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THURSDAY, June 28 (HealthDay News) -- About 20 percent of patients who are newly admitted to a nursing home sustain a fall during their stay, according to a study published in the May issue of the Journal of the American Geriatrics Society.
Natalie E. Leland, Ph.D., from the University of Southern California in Los Angeles, and colleagues analyzed data from 230,730 individuals admitted to nursing homes in 2006 who did not have a prior nursing home stay and who completed a Minimum Data Set (MDS) at 30 days or more following admission.
The researchers found that 21 percent of this cohort (47,750 individuals) experienced at least one fall in the nursing home at the time of the MDS assessment. Lower rates of falls were seen in nursing homes with higher certified nursing assistant staffing (adjusted odds ratio, 0.97; 95 percent confidence interval, 0.95 to 0.99).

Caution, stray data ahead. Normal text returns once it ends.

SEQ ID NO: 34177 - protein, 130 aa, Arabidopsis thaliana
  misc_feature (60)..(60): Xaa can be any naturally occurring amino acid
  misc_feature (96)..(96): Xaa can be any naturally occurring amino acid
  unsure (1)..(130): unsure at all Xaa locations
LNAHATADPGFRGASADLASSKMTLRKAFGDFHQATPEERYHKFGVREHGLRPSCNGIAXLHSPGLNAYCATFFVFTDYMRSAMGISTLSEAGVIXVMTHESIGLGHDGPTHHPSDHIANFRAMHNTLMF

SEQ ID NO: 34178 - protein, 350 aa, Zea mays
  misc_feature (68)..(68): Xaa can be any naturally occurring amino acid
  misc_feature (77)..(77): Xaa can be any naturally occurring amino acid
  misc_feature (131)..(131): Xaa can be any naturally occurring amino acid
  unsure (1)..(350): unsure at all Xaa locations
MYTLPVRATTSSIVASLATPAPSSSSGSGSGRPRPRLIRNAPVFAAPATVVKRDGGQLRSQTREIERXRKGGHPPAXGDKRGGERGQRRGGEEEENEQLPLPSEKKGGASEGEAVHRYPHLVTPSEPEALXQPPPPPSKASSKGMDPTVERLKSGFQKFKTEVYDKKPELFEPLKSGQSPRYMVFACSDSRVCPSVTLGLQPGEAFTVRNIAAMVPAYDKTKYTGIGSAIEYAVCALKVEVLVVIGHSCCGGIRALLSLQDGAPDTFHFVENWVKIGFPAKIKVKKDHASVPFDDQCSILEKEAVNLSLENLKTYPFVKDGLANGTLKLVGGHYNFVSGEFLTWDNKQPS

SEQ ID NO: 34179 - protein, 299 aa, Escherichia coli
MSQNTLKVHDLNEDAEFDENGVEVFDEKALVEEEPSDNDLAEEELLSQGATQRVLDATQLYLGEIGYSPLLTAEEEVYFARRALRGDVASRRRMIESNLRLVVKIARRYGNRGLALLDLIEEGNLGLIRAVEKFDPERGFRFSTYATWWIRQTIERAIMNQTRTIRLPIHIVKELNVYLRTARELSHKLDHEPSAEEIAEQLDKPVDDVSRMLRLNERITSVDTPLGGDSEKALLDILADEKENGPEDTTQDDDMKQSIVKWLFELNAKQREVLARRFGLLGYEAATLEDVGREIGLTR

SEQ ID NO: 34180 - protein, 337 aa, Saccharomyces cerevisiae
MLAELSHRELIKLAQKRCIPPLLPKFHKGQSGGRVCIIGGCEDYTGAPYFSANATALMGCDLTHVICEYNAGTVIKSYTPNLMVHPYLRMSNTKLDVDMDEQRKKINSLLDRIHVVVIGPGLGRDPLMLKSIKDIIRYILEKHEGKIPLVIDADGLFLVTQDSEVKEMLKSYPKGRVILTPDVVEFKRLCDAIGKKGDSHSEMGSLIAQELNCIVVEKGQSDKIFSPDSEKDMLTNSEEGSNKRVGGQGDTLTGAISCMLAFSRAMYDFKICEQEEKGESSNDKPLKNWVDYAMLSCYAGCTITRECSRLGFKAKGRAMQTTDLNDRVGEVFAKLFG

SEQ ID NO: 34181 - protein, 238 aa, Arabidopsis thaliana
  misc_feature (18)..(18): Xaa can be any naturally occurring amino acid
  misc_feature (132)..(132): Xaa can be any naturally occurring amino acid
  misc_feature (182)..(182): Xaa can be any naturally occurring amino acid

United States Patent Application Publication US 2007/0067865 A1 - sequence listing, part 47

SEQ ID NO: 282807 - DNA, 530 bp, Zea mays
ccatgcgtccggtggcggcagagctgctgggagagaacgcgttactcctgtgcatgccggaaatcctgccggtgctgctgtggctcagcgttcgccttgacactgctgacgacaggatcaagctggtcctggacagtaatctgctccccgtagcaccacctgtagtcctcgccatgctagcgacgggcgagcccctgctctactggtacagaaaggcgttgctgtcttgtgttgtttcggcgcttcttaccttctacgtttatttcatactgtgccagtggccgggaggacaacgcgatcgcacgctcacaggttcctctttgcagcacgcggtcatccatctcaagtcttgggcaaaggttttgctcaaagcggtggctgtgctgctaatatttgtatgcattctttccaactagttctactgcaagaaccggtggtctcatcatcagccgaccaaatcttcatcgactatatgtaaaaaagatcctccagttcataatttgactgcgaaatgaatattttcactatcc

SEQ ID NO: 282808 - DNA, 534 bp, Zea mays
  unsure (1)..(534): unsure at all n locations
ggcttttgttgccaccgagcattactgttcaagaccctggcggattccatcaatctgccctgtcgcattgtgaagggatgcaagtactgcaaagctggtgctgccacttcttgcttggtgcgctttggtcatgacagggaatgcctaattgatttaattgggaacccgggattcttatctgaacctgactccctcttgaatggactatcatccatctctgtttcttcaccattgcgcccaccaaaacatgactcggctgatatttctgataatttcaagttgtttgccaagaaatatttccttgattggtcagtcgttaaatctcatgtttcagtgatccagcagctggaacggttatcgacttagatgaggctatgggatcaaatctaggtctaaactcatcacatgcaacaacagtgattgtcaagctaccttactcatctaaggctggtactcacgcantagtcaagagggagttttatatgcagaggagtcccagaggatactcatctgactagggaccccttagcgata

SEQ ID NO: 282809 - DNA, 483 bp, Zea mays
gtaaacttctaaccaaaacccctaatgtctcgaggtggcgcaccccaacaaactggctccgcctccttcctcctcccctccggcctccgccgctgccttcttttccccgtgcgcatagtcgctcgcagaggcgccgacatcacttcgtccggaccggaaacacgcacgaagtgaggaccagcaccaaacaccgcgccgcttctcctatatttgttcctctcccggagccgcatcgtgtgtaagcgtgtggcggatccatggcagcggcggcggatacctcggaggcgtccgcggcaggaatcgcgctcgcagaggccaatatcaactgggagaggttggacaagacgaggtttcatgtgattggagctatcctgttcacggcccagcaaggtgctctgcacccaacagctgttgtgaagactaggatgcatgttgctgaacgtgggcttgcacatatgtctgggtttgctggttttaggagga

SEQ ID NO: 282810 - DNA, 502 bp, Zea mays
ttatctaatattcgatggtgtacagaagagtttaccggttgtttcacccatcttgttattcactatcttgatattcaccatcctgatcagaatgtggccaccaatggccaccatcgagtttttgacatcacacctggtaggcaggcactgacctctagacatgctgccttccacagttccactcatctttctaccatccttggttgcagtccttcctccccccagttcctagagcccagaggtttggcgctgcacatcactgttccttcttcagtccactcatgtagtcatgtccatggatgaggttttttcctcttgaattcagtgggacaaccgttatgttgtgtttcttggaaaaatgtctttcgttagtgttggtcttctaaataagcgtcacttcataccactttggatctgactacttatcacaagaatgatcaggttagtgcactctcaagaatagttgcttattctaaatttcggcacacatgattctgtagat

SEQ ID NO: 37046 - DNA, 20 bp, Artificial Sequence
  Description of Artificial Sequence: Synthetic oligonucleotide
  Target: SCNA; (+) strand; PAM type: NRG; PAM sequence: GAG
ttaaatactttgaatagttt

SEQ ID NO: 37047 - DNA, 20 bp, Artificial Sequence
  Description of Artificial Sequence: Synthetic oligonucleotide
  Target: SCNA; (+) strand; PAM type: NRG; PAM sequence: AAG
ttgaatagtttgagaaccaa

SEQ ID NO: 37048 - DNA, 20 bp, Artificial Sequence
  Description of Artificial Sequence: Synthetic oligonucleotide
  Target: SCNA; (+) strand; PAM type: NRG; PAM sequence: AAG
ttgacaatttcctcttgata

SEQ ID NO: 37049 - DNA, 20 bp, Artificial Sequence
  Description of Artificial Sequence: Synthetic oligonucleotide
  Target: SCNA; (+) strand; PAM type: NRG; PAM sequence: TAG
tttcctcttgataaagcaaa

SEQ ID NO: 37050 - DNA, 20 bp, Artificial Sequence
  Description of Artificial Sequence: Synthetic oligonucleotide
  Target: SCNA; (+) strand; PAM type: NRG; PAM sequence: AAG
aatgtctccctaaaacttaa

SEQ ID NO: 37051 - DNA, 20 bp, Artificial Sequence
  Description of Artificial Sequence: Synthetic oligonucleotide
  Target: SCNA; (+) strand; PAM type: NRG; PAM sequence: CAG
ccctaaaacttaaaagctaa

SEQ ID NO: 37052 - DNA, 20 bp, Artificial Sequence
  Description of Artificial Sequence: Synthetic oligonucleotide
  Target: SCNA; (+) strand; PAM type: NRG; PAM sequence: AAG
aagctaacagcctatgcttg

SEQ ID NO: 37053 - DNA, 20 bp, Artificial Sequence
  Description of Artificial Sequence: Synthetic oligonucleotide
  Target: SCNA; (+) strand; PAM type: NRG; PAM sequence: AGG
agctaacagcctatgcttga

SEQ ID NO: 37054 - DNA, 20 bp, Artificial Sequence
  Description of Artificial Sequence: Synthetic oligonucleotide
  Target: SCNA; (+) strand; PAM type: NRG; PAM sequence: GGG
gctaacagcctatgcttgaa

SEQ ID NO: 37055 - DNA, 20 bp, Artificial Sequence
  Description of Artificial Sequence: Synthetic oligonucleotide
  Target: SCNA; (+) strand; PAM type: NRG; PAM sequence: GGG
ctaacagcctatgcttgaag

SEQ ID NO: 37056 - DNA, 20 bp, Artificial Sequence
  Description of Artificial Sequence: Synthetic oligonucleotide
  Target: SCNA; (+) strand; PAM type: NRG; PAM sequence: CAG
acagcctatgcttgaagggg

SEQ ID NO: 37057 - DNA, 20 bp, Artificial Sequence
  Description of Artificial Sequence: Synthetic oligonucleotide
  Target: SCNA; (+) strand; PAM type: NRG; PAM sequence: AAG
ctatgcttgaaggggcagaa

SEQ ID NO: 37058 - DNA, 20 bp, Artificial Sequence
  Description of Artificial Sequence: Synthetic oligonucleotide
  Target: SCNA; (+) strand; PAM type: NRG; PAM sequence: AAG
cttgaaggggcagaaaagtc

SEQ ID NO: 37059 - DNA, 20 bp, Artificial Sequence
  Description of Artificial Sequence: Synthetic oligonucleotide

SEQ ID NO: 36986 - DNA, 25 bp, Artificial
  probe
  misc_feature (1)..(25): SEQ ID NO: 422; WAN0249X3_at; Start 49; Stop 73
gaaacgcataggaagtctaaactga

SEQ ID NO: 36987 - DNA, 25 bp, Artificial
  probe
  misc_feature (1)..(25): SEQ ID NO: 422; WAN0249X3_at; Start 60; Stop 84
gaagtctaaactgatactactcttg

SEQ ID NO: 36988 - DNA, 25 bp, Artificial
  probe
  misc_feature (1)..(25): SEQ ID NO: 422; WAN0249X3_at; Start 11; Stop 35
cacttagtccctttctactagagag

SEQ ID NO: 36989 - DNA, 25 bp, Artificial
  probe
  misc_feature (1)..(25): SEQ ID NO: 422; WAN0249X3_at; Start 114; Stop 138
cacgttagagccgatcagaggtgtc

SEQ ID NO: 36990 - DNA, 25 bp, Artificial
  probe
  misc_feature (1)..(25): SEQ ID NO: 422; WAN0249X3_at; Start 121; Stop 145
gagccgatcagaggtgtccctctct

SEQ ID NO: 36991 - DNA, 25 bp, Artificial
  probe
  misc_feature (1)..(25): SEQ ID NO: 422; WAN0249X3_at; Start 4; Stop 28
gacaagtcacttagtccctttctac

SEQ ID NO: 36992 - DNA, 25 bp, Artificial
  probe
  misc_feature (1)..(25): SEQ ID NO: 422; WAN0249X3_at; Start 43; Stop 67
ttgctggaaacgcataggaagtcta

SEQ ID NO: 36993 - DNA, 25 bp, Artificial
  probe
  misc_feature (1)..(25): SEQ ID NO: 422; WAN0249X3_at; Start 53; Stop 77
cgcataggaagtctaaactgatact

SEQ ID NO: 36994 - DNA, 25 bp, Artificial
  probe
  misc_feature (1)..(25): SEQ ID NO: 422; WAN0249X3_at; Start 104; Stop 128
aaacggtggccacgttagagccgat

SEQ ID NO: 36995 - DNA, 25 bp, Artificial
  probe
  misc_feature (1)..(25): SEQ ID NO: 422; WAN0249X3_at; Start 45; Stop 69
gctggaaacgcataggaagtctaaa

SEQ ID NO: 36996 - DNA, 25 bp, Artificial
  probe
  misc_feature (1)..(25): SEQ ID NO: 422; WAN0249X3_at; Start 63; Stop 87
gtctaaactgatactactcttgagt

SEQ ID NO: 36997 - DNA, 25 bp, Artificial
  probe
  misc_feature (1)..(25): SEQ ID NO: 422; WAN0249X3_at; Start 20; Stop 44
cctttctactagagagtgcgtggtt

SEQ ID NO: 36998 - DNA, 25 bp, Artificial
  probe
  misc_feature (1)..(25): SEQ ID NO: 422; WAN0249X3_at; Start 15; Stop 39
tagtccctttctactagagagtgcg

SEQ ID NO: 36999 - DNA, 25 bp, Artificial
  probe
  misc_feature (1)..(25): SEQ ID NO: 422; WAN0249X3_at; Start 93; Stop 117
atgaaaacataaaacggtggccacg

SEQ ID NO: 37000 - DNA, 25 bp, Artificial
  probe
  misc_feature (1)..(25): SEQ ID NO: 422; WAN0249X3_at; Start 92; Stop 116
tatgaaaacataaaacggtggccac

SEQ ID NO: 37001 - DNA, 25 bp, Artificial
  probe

"A fall can delay or permanently prevent the patient from returning to the community, and identifying risk of falling is essential for implementing fall prevention strategies and facilitating successful discharge back to the community," Leland said in a statement.
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